Many religions prohibit suicide and the intentional killing of others. The most basic commandment is "Thou shall not kill". Virtually all religions have a law against killing. We need to protect the morality of not only the patients but the doctors that must extinguish their lives. St. Thomas Aquinas on the opinion that life is God’s gift to man, therefore, life is subject to God’s power”. Active euthanasia is the usurpation of God’s authority; therefore, euthanasia is wrong because it goes against God. Religious and non-religious people alike acknowledge that each individual has a human spirit, the invisible reality that we need meaning in life and a feeling of connectedness. Allowing euthanasia reduces us to animals that abandon their weak, aged and ill so that the healthy are free of the burden of their care. Haven't we evolved further than animals who abandon their weakest? As individuals with a human spirit, we must rise above animal instincts.
Voluntary euthanasia is the start of a slippery sop that leads to involuntary and the killing of people who are thought undesirable. So, many people worry that if euthanasia were to become legal, it would not be long before involuntary euthanasia would start to happen. As it was reported in the BBC news 2002, December that allowing euthanasia will discourage the research for new cures and treatments for the terminally ill. Euthanasia disrespects all human life. It lets us judge whether someone's life is worth saving, or whether we should take the easy, painless option of a quick death. Euthanasia, while more convenient and painless, allows us to dispose of our loved ones instead of fighting for the best treatment and caring for them until their very last breath. This unselfish love is what the elderly and terminally ill deserve from us. Euthanasia sets a precedent of leaving the ill and elderly for dead. Once we determine whether a person's life is worth living, what's to stop us from expanding euthanasia to the disabled, to the deformed, the less-than-perfect children? Let's cultivate a culture of life instead of offering a quick fix for death. Instead of considering death for our loved ones, let's focus on creating cures and giving our love and assistance to the elderly and sick.
Currently in this country, we kill the unborn (abortion), we kill the new born (infanticide) and we kill the aged (euthanasia). Unless we do something drastic to reverse our moral position on the sanctity of life, it will only be a matter of time before we, like Adolf Hitler, kill with impunity all those in between (genocide). It is really no wonder that we have the problem of euthanasia since we have a generation of doctors and moral ethicists weaned on evolution theory. We are just animals, according to that theory. We kill our domesticated pets; we kill our humans; no problem, we are all animals anyway. Animals kill their own, why shouldn't we? But shooting a horse trapped in a burning barn, and injecting a drug into an elderly patient trapped in suffering are not moral equivalents, because man is not an animal.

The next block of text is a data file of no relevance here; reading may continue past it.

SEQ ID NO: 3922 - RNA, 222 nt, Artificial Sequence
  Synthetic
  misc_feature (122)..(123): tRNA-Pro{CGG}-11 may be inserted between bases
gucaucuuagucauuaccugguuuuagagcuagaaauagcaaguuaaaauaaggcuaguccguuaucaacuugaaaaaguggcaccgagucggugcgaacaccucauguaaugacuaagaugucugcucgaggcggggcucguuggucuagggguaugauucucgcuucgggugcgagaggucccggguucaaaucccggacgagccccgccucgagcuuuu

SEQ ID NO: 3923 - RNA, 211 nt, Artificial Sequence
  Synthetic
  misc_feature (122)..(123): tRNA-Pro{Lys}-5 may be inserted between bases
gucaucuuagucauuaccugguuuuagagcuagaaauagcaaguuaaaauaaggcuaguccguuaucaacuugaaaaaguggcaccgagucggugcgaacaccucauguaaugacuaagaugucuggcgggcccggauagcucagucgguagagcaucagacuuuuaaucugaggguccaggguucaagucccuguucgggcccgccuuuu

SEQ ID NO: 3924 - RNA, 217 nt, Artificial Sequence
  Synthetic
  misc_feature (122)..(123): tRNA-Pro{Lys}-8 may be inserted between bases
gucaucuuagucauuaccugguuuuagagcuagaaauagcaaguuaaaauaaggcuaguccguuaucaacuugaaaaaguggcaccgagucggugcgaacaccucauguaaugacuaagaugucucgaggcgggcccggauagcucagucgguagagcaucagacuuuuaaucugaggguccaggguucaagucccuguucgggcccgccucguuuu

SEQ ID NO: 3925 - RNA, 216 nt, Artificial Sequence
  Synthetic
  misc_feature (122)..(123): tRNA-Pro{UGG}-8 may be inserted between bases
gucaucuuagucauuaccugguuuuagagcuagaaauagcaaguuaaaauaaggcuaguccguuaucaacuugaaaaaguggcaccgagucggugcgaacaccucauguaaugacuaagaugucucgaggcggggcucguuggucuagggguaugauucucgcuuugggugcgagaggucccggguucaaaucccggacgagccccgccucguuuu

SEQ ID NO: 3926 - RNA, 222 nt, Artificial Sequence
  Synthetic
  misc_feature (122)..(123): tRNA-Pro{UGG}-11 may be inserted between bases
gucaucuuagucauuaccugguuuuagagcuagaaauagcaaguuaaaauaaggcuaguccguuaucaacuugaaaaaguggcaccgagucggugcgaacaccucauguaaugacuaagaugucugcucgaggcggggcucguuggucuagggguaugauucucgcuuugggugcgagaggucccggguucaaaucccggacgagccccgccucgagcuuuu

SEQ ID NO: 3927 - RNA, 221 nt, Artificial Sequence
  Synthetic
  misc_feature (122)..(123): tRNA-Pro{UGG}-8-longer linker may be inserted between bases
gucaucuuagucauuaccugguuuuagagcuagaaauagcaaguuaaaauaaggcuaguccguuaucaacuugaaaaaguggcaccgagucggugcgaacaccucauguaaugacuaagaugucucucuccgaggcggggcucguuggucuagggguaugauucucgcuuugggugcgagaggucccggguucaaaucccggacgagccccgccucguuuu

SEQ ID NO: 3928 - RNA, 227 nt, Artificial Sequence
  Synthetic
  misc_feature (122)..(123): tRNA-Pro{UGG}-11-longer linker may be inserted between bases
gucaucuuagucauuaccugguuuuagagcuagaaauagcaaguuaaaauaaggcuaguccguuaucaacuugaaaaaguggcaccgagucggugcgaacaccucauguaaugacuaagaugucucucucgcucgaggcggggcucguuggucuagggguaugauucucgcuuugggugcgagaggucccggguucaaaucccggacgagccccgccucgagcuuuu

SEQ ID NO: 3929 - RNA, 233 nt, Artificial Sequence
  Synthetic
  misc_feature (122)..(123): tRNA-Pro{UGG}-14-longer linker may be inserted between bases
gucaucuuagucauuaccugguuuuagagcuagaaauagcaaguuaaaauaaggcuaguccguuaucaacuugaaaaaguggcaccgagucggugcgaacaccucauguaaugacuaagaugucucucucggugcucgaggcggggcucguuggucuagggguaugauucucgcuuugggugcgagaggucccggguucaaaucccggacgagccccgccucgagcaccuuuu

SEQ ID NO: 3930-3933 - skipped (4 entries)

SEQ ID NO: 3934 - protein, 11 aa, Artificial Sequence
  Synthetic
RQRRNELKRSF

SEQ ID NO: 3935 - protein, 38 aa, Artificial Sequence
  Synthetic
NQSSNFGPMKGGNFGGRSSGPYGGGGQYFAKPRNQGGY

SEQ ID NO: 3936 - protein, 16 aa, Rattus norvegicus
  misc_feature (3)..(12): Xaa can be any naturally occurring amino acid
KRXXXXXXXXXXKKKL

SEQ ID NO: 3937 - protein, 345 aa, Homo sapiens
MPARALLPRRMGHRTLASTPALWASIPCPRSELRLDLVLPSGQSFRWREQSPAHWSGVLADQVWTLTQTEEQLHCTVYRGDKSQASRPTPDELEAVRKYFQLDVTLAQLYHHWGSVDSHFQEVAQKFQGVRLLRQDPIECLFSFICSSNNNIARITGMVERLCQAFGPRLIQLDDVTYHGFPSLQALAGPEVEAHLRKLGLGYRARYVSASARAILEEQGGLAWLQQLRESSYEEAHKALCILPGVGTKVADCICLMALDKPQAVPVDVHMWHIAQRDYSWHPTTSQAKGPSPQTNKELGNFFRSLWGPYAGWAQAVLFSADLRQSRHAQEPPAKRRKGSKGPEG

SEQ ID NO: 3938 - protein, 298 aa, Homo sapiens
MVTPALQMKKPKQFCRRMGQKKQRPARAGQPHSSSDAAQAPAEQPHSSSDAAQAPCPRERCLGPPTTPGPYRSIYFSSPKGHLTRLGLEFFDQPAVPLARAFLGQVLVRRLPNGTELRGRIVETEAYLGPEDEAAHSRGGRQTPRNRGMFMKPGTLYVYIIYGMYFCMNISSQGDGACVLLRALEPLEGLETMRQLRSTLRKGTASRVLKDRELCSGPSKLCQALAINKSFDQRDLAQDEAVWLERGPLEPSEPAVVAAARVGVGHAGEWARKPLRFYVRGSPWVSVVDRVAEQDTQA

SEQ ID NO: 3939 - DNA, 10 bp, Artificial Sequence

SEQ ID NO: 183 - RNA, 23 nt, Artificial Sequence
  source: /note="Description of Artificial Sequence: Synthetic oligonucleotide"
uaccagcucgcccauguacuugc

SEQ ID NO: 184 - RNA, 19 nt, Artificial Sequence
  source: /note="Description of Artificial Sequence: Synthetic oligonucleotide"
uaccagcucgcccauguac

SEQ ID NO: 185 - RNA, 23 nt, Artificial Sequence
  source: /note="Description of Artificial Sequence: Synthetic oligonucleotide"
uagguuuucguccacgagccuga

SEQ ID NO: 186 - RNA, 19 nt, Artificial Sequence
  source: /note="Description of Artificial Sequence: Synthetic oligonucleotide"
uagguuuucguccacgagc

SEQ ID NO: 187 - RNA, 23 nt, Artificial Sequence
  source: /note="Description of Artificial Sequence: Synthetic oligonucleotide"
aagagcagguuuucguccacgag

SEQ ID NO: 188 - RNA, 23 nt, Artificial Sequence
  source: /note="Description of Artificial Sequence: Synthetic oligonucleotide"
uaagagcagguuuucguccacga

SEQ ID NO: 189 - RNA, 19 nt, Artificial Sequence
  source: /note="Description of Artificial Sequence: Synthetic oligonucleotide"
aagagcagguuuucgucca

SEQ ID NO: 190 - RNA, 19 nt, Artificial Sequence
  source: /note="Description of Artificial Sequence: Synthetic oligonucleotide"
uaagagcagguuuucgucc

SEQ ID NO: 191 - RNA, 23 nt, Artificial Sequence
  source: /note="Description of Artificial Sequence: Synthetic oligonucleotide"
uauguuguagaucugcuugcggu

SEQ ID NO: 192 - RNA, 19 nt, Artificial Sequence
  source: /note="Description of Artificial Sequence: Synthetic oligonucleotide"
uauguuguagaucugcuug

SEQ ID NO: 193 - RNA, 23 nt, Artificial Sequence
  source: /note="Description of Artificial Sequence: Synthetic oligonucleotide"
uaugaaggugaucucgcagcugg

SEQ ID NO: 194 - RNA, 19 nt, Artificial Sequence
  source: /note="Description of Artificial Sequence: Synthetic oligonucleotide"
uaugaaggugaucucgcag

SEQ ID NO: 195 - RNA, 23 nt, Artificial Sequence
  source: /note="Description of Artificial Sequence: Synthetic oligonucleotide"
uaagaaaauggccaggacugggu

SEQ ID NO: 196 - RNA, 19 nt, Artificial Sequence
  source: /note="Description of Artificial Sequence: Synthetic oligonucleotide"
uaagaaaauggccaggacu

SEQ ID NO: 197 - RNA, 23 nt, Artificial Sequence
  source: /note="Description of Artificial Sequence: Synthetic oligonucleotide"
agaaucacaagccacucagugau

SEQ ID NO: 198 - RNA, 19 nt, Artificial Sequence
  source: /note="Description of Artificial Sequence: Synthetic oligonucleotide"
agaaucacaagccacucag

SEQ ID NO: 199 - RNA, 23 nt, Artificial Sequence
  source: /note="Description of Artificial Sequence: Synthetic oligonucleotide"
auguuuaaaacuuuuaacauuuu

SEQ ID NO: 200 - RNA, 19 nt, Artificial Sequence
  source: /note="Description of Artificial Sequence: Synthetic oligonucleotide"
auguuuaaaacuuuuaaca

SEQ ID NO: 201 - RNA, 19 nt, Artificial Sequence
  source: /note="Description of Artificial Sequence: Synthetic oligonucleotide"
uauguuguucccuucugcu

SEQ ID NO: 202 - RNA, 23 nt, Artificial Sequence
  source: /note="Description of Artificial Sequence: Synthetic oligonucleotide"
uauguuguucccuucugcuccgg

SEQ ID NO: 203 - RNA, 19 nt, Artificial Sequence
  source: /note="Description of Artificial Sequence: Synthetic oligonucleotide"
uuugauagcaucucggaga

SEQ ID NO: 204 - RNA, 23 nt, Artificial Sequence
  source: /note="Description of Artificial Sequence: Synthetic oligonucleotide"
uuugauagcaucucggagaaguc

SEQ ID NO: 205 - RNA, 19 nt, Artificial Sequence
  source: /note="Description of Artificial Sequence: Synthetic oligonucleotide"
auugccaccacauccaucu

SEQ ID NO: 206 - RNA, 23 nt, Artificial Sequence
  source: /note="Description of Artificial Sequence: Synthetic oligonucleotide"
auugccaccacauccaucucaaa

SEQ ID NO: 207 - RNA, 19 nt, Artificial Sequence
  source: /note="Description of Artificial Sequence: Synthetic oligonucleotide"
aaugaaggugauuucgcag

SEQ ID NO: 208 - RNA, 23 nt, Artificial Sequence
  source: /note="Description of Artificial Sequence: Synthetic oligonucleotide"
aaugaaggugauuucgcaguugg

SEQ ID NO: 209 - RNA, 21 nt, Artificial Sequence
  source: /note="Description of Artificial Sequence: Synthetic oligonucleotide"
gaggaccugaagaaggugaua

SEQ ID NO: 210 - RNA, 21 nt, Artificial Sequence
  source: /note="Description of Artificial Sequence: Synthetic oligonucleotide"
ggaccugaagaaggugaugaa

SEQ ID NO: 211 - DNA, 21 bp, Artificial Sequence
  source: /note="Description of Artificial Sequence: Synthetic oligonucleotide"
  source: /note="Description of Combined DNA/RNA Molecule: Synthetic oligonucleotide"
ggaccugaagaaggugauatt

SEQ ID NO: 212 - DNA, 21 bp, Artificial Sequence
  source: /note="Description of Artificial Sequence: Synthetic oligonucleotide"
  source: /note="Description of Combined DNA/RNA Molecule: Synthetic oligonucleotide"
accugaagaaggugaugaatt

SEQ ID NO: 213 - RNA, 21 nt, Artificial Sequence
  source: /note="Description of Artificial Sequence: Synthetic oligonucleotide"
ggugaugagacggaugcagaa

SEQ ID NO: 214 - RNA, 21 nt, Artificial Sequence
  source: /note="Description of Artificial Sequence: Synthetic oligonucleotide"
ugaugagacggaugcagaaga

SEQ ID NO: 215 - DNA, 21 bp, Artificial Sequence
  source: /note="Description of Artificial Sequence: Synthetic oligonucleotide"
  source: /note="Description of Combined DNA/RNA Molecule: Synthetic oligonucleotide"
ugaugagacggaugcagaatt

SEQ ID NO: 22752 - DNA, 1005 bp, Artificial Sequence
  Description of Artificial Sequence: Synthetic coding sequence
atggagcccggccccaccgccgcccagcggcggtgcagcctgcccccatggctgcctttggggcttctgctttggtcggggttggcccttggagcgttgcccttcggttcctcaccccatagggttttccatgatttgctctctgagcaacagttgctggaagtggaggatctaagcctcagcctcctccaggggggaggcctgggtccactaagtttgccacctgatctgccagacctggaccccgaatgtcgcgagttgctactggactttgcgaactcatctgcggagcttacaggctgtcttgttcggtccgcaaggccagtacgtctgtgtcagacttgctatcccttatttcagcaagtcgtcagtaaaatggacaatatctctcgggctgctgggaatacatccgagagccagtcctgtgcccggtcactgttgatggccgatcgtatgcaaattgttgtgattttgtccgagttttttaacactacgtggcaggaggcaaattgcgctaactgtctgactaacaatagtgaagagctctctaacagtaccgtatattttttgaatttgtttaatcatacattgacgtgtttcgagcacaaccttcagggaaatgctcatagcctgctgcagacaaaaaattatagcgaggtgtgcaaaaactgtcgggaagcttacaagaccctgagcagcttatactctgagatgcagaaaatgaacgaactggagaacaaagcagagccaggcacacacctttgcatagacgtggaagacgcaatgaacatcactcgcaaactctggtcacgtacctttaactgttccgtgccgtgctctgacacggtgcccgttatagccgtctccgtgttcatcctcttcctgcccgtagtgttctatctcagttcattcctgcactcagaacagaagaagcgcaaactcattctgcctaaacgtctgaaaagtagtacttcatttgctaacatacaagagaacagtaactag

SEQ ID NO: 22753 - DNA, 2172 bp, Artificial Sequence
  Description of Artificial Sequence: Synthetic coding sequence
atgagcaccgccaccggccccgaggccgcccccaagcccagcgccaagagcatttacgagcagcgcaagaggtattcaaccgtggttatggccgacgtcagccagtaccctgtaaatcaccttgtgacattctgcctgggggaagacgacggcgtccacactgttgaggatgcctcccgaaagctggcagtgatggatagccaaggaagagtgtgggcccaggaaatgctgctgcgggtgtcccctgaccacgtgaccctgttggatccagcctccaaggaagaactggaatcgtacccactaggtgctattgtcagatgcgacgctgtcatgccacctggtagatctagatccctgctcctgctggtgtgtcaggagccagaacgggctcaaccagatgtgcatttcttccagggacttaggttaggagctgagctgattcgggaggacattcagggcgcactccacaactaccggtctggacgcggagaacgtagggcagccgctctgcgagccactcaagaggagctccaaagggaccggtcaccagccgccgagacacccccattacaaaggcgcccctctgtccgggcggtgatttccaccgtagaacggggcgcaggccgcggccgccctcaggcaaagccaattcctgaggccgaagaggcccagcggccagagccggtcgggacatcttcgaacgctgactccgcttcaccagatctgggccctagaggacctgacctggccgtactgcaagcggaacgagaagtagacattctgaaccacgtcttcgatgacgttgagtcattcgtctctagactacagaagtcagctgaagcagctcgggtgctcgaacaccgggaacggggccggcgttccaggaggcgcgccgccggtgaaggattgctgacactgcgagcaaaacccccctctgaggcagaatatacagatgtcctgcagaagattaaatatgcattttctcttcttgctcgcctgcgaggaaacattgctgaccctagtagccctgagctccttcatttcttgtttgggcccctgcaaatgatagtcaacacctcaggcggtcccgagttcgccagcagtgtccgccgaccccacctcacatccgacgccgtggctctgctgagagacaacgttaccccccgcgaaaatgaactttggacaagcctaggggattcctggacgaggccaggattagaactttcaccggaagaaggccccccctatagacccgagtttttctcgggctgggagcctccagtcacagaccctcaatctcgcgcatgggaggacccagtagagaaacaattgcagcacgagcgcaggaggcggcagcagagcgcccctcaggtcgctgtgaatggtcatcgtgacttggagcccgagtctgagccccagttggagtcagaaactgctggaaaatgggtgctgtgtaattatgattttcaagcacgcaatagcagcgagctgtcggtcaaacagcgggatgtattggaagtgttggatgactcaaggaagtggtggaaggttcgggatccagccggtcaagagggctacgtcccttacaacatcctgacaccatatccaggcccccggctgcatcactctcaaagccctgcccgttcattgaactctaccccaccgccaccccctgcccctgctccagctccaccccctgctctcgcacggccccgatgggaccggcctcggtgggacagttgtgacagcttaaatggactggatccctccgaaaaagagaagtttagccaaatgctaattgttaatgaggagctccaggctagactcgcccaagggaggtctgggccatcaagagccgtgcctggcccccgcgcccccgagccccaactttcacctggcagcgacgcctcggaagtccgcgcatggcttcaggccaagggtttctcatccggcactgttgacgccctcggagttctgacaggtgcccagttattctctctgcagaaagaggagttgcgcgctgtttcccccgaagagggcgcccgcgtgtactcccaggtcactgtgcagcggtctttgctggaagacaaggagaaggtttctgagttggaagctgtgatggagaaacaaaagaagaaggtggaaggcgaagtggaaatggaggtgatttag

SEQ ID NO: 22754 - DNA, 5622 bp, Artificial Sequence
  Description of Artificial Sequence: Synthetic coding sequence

If we see the statistics of euthanasia even in the US, we can find majority of the states are against it. In the United States, physician-assisted suicide is legal only in Oregon. The Oregon Death With Dignity Act was passed in November 1994 by a margin of 51% to 49%. The states of California, Washington, Michigan and Maine have rejected ballot referenda questions to legalize physician-assisted suicide. The Supreme Court of Alaska in Alaska v. Sampson declared there is no state constitutional right to physician-assisted suicide, as did the Florida State Supreme Court in McIver v. Kirscher (
Thus, in my view active euthanasia is morally wrong as every human being has a natural inclination to continue living. And euthanasia does violate to this natural goal of survival. Therefore, active euthanasia goes against my best interests and is also therefore deemed wrong. The right to life is not a right simply to exist. The right to life is a right to life with a minimum quality and value. Death is the opposite of life, but the process of dying is part of life.
Egan, A. &Clarke,(2009,June). Euthanasia – is there a case? Department of General Surgery, Nelson R Mandela School of Medicine, University of KwaZulu-Natal, Pietermaritzburg Metropolitan Complex, 2(1).